Marshall Center Professor Valbona Zeneli Speaks at NATO’s Seminar on Strengthening Partnerships
By College of International Security Studies
George C. Marshall European Center for Security Studies
GARMISCH-PARTENKIRCHEN, Germany (Feb. 25, 2022) – Dr. Valbona Zeneli, the Chair of the Strategic Initiatives Department at the George C. Marshall European Center for Security Studies, participated as a speaker at NATO’s future Strategic Concept Seminar in The Hague on February 23, 2022. The seminar’s theme “Stronger Together – NATO’s Partnerships” was opened by NATO Secretary General, Mr. Jens Stoltenberg, and the Prime Minister of the Netherlands, Mr. Mark Rutte. They discussed the role of NATO partnerships in the light of evolving security challenges, with a specific focus on Russian aggression towards Ukraine. Prime Minister Rutte emphasized that NATO is, and will remain, the cornerstone of security for Europe and that it is crucial for NATO to modernize in response to the rapidly changing geo-political situation. NATO’s Secretary General Stoltenberg reiterated in his virtual address that, “faced with the most dangerous crisis for the European security in a generation, NATO’s partnerships are fundamental to defend our values and security”.
The event, hosted by Germany and the Netherlands, was part of a series of four seminars that are contributing to the new Strategic Concept to be adopted at NATO's June meeting in Madrid. The seminar on NATO’s partnerships was also co-sponsored by Canada, Italy, Portugal, and Spain, together with Finland and Sweden.
Following the opening remarks, the seminar continued with a session of in-depth discussions among experts, including former NATO Secretary General Mr. Jaap de Hoop Scheffer, Ms. Lauren Speranza, the Director of the Transatlantic Defense and Security Center for European Policy Analysis, the Director and Senior Fellow of the Macdonald Laurier Institute Mr. Jonathan Berkshire Miller, and Dr. Valbona Zeneli, the Chair of the Strategic Initiatives Department at the George C. Marshall European Center for Security Studies.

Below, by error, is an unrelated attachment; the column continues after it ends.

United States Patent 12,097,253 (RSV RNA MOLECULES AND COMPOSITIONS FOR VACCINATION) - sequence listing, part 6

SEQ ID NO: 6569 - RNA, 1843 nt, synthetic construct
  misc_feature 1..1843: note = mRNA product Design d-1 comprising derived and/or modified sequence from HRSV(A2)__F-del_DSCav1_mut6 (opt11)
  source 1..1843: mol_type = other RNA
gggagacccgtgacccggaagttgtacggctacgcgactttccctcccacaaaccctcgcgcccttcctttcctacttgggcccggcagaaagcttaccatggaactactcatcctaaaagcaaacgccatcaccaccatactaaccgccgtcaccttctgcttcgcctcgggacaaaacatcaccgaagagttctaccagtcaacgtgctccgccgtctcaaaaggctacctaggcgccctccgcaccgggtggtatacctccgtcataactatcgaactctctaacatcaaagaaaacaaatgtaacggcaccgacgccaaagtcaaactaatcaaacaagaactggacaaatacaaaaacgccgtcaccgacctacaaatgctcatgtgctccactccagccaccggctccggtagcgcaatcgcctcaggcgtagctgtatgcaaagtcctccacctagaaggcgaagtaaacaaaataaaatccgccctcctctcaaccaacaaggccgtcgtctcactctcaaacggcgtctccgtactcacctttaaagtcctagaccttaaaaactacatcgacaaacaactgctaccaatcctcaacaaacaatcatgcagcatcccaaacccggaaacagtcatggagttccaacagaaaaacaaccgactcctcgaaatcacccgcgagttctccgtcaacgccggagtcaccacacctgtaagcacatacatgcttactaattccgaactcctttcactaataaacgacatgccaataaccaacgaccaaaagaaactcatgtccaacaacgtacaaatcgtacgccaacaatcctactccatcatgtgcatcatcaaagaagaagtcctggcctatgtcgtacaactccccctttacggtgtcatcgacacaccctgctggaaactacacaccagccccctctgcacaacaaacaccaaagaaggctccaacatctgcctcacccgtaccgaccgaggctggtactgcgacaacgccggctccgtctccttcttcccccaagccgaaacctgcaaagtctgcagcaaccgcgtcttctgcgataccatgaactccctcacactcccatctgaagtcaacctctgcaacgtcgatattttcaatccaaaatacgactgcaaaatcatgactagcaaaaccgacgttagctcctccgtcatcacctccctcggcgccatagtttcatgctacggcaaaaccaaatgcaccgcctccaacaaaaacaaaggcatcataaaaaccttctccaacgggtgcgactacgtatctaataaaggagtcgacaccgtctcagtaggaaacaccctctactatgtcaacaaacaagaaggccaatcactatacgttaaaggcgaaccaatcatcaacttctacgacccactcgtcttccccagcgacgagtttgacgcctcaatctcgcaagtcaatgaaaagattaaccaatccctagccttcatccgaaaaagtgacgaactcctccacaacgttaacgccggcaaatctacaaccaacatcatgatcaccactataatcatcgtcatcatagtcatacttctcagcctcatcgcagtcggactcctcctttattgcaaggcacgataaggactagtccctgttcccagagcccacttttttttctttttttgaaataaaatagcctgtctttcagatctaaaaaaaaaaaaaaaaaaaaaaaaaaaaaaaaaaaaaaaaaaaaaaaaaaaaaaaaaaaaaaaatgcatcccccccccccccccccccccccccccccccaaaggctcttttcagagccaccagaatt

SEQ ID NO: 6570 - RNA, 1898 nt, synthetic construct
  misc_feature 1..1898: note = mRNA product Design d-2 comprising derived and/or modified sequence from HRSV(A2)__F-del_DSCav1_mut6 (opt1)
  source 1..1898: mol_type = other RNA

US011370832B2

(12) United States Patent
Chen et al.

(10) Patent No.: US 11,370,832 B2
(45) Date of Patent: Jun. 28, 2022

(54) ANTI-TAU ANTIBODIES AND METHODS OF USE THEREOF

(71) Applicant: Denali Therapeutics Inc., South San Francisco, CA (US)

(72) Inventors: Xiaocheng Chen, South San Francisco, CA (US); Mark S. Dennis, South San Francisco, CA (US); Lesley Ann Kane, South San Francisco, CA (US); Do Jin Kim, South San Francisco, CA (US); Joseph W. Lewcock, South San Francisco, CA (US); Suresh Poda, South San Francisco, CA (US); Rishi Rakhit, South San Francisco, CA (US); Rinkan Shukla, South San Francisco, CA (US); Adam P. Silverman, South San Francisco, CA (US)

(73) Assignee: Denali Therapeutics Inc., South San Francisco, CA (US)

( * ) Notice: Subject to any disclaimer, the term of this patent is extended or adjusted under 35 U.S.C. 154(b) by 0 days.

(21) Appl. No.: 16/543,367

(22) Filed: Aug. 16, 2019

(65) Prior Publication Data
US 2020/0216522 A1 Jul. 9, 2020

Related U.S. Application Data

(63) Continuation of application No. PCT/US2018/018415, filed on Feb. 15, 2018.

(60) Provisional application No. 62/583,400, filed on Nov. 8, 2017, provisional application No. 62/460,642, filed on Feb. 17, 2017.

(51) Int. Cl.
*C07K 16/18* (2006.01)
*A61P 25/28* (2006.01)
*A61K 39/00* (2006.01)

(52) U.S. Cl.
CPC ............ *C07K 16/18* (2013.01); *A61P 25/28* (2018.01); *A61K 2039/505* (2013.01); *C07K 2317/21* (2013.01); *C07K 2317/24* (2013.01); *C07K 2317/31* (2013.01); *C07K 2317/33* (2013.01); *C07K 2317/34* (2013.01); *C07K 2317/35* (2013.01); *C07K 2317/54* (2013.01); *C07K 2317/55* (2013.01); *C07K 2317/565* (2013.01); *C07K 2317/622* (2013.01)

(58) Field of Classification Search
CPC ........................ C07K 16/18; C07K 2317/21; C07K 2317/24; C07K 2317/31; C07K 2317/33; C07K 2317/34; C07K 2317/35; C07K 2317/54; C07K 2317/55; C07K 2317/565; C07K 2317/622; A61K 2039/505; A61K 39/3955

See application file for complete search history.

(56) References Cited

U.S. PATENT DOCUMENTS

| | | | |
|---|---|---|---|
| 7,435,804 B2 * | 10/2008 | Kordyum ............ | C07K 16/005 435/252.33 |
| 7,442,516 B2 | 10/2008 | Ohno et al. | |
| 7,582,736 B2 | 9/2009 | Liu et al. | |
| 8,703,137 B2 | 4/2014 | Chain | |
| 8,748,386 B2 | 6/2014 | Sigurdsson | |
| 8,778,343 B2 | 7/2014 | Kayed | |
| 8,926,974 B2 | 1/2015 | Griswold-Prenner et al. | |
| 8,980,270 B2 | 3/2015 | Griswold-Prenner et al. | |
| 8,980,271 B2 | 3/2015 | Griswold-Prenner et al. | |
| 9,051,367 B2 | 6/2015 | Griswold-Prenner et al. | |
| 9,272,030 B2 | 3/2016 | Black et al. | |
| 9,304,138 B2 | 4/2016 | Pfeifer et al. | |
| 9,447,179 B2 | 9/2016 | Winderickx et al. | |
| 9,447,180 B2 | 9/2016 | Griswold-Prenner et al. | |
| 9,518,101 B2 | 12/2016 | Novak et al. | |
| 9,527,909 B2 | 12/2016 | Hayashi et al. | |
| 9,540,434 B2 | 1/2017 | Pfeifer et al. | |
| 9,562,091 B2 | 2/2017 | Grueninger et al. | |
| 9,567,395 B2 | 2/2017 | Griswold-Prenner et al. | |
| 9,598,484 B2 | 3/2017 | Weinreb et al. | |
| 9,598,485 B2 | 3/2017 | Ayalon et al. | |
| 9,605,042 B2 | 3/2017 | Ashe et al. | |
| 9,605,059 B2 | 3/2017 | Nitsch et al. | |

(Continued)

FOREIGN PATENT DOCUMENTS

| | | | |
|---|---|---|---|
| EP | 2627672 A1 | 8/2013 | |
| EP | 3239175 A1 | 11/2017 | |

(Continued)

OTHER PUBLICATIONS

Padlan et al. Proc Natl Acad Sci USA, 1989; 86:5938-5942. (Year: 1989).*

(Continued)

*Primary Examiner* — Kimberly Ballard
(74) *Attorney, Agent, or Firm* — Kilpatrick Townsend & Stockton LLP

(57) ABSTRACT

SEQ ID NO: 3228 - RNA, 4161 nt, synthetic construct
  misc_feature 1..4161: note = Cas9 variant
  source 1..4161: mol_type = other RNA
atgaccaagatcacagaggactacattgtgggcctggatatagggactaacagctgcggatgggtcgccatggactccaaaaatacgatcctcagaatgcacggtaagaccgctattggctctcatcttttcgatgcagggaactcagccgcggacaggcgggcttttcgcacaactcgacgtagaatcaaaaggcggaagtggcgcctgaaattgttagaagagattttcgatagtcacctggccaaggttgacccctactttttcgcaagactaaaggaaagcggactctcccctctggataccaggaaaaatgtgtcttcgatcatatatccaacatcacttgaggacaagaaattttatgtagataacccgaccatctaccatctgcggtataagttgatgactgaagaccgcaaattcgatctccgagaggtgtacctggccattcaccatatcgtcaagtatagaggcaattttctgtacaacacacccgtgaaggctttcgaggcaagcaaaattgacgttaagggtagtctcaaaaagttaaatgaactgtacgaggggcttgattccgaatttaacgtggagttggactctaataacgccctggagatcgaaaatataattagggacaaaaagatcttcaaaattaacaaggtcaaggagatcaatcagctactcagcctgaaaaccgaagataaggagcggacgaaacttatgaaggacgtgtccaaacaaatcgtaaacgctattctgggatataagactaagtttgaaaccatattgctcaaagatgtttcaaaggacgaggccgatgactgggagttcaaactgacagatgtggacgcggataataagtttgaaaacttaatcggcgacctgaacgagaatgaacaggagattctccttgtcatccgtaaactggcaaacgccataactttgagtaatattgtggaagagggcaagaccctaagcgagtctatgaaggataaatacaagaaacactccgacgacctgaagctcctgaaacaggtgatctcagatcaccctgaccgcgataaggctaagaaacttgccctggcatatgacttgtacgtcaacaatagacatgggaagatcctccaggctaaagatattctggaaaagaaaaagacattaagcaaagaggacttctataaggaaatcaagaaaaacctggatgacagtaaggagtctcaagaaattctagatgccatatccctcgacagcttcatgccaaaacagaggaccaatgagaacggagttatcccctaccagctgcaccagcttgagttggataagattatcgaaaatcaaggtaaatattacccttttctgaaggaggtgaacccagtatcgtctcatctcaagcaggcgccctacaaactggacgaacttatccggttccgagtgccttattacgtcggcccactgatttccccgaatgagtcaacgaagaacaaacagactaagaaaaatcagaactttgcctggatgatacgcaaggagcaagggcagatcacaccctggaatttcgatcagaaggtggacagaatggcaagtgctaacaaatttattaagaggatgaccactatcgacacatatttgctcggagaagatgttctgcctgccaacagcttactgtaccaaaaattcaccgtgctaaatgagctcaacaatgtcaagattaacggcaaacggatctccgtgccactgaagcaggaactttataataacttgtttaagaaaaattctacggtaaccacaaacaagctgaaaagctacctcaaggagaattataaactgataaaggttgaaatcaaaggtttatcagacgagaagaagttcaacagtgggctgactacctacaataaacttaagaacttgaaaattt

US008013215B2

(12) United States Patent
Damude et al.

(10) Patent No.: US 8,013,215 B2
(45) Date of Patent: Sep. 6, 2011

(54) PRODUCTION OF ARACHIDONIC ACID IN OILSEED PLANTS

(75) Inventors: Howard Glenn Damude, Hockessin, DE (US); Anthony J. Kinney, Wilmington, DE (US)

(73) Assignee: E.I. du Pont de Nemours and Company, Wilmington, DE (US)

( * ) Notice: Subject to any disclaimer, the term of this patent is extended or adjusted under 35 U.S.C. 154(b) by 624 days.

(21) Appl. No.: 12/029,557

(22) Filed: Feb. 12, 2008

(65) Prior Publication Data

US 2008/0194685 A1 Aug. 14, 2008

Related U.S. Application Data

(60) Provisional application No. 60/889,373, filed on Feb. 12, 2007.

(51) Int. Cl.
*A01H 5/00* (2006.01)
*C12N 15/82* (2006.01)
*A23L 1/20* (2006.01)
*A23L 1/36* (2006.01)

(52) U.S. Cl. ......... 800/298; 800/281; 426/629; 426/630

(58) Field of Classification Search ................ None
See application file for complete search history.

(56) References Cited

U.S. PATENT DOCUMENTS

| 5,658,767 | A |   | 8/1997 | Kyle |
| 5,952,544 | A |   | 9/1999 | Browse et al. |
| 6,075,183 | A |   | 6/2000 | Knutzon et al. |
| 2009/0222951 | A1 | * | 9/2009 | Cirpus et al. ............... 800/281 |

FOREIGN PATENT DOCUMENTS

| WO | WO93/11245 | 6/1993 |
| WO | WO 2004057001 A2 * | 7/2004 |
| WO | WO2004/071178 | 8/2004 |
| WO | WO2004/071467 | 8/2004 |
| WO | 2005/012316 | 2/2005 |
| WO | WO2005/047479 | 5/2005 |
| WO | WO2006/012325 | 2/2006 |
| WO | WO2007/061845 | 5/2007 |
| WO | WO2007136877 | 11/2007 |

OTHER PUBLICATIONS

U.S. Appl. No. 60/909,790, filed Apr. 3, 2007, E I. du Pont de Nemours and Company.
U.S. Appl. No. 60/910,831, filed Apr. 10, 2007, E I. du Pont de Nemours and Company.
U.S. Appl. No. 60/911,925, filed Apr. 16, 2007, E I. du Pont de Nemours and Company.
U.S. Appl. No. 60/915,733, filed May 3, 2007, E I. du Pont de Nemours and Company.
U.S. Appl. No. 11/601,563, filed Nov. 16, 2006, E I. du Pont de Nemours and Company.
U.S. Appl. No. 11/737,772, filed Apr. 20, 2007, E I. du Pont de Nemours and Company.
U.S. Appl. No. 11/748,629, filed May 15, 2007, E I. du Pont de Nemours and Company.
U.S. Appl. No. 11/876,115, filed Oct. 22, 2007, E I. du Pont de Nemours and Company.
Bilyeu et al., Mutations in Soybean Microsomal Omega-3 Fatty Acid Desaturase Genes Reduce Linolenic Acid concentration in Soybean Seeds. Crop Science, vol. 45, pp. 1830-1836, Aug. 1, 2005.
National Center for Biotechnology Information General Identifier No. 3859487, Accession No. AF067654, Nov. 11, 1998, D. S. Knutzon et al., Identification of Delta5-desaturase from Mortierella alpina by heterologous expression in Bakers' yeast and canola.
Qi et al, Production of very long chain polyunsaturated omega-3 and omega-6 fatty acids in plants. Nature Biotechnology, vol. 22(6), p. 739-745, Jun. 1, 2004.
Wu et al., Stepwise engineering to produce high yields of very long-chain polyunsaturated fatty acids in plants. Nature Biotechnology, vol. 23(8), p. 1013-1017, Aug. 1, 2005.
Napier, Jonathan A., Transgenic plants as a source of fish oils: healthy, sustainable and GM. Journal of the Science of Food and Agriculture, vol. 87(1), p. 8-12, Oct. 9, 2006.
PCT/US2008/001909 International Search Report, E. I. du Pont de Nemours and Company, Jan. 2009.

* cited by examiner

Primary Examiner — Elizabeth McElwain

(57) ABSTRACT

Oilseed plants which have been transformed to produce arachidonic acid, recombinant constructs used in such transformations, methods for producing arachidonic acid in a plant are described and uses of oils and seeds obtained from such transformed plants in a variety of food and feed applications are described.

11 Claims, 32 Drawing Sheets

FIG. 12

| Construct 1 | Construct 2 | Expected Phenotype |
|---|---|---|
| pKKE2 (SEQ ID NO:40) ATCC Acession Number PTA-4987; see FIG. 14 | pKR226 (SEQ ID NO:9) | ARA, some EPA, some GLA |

Discussions noted that since its foundation in 1949, NATO has been essential to European and transatlantic security and is faced with numerous and more complex global challenges. Such challenges include: revisionist authoritarian states determined to disrupt the current rules-based international order, terrorist threats, digital disruptive technologies, emerging technologies and digital transformations, climate change and natural disasters, and more. NATO and the transatlantic community must re-examine their network of partnerships. These partnerships, developed over the last three decades, include countries around the world and international organizations. In-depth discussions addressed how partnerships with other countries and organizations strengthen NATO's clout and how should NATO smartly invest to make them more effective.
Dr. Zeneli’s remarks focused on the need to invest in and strengthen democratic resilience. She pointed out that the current nature of strategic competition is shaping the current global world order into bipolar spheres of influence and promotes autocracy over democracy as an attractive and efficient form of governance. Dr. Zeneli emphasized that to defend our democratic values, our security, and our prosperity, NATO and the transatlantic community, should focus on developing a comprehensive approach to resilience in all aspects of engagement with its partners. The Western community must also pursue unity of purpose and effort to maintain its influence within the international rules-based order. In this regard, integrating partners into the community of free-market democracies and diligently working to promote all elements of national power will empower partners to become net contributors to global prosperity and security.